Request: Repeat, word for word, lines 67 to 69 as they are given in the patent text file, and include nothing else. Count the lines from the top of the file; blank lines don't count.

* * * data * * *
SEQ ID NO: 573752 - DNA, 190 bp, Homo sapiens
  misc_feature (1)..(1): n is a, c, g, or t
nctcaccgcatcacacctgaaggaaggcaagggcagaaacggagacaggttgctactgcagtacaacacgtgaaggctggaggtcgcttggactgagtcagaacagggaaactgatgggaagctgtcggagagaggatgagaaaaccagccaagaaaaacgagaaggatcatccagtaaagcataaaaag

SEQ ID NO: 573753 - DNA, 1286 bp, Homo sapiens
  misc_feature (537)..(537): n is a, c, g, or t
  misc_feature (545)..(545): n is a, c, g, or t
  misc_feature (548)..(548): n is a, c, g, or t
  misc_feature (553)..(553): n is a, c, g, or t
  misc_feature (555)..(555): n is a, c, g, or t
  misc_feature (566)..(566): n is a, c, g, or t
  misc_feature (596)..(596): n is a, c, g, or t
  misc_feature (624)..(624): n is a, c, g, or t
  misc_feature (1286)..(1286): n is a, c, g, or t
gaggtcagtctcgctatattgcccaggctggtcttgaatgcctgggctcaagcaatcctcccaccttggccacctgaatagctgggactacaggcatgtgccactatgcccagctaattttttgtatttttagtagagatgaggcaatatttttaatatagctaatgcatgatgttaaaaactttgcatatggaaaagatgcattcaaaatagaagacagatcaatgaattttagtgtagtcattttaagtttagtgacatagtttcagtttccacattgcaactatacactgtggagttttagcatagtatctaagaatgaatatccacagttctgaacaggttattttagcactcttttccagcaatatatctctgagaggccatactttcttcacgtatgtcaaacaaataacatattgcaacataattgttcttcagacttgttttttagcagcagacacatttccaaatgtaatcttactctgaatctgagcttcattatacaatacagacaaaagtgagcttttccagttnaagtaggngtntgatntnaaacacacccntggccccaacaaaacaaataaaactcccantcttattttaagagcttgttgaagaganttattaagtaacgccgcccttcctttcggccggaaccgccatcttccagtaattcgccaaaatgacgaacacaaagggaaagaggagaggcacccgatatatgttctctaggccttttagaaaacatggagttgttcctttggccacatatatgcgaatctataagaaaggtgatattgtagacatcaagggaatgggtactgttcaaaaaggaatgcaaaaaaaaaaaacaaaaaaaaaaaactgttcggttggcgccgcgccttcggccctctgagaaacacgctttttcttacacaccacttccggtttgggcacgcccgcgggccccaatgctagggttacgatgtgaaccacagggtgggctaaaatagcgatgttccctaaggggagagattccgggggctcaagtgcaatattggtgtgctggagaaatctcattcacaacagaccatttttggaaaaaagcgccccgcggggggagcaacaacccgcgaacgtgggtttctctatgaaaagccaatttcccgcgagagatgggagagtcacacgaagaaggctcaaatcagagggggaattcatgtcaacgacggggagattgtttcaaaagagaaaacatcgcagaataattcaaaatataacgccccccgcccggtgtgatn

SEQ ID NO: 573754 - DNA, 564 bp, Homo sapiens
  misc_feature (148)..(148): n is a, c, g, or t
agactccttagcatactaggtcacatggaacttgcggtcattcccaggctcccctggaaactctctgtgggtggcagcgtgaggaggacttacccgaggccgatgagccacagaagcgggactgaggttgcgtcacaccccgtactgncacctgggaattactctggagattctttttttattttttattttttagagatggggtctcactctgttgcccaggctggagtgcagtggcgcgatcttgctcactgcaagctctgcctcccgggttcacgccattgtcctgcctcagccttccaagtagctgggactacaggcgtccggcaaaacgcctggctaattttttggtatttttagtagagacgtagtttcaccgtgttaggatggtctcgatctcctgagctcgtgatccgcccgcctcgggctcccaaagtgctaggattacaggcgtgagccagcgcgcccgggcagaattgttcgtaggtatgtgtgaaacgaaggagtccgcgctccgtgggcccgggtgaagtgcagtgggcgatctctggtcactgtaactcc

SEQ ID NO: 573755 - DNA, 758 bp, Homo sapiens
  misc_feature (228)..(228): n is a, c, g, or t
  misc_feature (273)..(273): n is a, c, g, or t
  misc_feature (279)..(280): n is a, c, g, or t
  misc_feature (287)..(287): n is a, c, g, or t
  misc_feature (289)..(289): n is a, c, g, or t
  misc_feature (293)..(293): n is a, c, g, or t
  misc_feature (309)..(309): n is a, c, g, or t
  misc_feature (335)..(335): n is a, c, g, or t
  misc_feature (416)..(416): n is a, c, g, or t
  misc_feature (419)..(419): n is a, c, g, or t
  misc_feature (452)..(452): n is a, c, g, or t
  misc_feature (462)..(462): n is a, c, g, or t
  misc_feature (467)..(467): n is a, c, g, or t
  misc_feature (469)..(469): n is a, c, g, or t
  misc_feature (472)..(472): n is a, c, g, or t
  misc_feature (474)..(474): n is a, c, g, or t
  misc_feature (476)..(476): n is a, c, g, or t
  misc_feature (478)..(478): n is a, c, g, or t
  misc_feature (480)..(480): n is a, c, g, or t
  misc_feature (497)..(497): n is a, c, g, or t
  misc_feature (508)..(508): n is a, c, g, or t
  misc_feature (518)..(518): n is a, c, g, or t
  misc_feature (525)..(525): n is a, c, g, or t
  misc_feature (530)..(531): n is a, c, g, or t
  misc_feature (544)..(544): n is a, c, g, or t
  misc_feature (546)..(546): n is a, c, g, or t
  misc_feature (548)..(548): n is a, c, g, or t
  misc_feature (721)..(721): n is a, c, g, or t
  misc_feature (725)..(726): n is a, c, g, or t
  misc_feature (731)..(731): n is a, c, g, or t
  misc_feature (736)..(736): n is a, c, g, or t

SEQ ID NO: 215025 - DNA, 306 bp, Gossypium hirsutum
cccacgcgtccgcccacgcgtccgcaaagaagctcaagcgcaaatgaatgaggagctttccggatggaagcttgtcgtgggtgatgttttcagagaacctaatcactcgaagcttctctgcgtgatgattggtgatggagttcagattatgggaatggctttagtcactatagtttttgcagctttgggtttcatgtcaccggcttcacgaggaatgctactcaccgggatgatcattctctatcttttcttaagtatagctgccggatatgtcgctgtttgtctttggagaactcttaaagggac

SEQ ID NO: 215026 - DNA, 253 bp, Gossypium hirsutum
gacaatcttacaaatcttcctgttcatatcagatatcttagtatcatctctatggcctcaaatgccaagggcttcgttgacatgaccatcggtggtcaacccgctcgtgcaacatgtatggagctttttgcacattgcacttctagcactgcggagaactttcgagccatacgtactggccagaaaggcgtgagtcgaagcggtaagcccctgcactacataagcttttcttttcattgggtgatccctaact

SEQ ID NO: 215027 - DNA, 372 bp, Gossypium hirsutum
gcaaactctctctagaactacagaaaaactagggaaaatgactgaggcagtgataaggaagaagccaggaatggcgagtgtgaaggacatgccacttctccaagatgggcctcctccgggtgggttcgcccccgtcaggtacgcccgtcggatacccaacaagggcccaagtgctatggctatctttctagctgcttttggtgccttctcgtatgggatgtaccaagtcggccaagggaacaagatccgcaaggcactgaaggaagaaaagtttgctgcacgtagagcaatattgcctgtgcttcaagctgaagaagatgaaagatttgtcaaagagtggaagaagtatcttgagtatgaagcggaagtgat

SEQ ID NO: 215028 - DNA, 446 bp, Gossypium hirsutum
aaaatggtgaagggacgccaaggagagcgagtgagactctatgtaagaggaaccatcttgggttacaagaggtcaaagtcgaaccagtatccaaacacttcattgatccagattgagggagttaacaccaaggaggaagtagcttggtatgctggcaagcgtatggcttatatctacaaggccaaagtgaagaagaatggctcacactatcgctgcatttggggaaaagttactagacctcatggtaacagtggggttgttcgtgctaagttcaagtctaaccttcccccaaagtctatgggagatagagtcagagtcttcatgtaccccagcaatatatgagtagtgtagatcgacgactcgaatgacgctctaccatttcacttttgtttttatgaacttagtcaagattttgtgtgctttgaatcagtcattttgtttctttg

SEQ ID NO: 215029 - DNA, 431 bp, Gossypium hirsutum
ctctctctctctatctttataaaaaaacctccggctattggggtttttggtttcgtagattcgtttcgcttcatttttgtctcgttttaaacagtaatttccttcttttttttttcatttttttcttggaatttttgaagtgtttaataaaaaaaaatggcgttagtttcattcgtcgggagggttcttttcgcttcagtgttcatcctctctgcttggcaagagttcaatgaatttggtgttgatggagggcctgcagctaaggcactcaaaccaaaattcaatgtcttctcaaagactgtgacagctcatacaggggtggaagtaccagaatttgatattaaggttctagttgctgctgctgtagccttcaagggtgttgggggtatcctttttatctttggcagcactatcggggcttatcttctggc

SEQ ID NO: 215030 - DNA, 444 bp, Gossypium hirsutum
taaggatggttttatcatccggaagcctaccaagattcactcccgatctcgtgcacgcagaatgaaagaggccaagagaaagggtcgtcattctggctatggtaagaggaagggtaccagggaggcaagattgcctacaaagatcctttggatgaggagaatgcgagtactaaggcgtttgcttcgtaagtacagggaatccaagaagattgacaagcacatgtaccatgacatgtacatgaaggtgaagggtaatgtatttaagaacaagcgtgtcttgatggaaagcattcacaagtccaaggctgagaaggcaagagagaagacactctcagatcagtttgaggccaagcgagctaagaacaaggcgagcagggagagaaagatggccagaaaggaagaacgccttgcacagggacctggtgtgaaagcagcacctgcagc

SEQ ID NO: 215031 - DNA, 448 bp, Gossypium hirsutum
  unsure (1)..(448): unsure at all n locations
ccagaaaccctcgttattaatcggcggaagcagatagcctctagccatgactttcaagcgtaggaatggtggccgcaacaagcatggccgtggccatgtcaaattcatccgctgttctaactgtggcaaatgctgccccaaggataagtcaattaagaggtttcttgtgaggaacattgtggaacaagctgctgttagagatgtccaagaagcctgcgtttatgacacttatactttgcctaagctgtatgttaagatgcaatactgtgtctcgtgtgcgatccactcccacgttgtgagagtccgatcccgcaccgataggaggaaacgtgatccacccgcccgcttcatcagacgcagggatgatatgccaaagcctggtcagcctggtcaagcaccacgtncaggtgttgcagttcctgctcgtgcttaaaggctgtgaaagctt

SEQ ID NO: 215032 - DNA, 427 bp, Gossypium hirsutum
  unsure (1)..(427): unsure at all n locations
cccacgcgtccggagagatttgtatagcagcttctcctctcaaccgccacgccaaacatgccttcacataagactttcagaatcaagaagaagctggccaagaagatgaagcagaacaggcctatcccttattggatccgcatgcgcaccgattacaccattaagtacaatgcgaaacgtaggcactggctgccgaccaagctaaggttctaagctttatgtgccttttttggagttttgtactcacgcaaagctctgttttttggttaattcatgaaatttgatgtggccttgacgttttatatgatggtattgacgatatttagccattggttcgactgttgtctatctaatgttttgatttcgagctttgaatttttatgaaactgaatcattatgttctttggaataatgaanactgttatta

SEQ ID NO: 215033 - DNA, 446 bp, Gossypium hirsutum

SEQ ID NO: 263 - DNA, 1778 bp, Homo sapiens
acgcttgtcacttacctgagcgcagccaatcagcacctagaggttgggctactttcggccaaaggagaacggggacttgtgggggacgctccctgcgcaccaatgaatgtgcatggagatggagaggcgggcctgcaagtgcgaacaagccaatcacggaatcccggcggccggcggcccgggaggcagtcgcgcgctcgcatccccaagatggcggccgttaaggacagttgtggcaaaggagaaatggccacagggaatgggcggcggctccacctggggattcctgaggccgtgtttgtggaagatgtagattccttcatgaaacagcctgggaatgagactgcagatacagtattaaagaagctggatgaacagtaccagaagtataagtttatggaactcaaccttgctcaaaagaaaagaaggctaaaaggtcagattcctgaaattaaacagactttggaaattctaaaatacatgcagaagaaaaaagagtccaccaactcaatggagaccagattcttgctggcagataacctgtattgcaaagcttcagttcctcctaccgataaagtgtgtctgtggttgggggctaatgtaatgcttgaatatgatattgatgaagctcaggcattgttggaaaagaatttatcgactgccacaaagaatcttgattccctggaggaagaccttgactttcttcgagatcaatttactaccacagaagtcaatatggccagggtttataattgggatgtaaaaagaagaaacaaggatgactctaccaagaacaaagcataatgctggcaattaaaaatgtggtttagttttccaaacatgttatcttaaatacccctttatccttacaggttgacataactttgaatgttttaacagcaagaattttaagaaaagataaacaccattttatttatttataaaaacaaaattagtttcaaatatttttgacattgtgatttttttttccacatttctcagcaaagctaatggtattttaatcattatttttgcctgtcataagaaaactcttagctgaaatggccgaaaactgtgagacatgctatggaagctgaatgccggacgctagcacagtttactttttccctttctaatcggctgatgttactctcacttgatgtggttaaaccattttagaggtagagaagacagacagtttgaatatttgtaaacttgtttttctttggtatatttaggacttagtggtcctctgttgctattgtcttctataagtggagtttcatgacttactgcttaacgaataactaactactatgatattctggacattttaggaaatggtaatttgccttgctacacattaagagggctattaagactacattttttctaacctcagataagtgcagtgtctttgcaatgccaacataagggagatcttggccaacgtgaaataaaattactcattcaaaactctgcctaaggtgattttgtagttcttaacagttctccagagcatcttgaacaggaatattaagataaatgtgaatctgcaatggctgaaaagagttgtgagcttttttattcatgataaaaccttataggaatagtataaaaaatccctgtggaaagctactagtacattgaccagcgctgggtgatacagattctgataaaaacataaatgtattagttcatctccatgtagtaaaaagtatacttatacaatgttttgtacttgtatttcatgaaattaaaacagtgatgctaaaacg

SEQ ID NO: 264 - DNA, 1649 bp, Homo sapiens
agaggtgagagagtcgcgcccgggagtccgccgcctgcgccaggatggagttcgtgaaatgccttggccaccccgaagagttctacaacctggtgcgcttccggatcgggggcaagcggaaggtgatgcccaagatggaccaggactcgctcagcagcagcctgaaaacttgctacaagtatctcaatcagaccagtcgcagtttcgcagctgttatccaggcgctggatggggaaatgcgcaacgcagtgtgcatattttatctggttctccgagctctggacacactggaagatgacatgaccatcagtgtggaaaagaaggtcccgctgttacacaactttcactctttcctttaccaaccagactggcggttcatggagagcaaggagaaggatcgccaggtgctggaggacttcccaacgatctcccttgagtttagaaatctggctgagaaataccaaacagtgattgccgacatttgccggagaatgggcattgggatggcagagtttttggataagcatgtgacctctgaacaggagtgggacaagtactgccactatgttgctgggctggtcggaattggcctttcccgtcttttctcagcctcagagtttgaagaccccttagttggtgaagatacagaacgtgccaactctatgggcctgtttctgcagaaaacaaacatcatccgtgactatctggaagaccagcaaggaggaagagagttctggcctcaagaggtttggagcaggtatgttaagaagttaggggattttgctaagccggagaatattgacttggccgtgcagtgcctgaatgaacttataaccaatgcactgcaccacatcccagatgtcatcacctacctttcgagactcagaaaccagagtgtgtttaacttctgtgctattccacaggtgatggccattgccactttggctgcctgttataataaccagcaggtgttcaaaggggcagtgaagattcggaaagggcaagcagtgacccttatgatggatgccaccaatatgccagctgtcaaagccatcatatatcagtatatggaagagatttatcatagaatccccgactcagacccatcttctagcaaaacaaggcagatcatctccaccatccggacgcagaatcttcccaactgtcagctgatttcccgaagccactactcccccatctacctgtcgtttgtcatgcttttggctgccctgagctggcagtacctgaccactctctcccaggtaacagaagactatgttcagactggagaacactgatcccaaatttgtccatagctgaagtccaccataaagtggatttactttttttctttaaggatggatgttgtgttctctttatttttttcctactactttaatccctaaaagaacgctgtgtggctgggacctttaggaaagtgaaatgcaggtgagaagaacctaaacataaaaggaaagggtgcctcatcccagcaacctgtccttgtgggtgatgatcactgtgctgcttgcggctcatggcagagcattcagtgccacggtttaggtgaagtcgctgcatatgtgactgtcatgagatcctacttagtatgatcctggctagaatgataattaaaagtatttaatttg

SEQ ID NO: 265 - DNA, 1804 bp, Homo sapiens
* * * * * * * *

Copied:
cccacgcgtccggagagatttgtatagcagcttctcctctcaaccgccacgccaaacatgccttcacataagactttcagaatcaagaagaagctggccaagaagatgaagcagaacaggcctatcccttattggatccgcatgcgcaccgattacaccattaagtacaatgcgaaacgtaggcactggctgccgaccaagctaaggttctaagctttatgtgccttttttggagttttgtactcacgcaaagctctgttttttggttaattcatgaaatttgatgtggccttgacgttttatatgatggtattgacgatatttagccattggttcgactgttgtctatctaatgttttgatttcgagctttgaatttttatgaaactgaatcattatgttctttggaataatgaanactgttatta

SEQ ID NO: 215033 - DNA, 446 bp, Gossypium hirsutum

SEQ ID NO: 263 - DNA, 1778 bp, Homo sapiens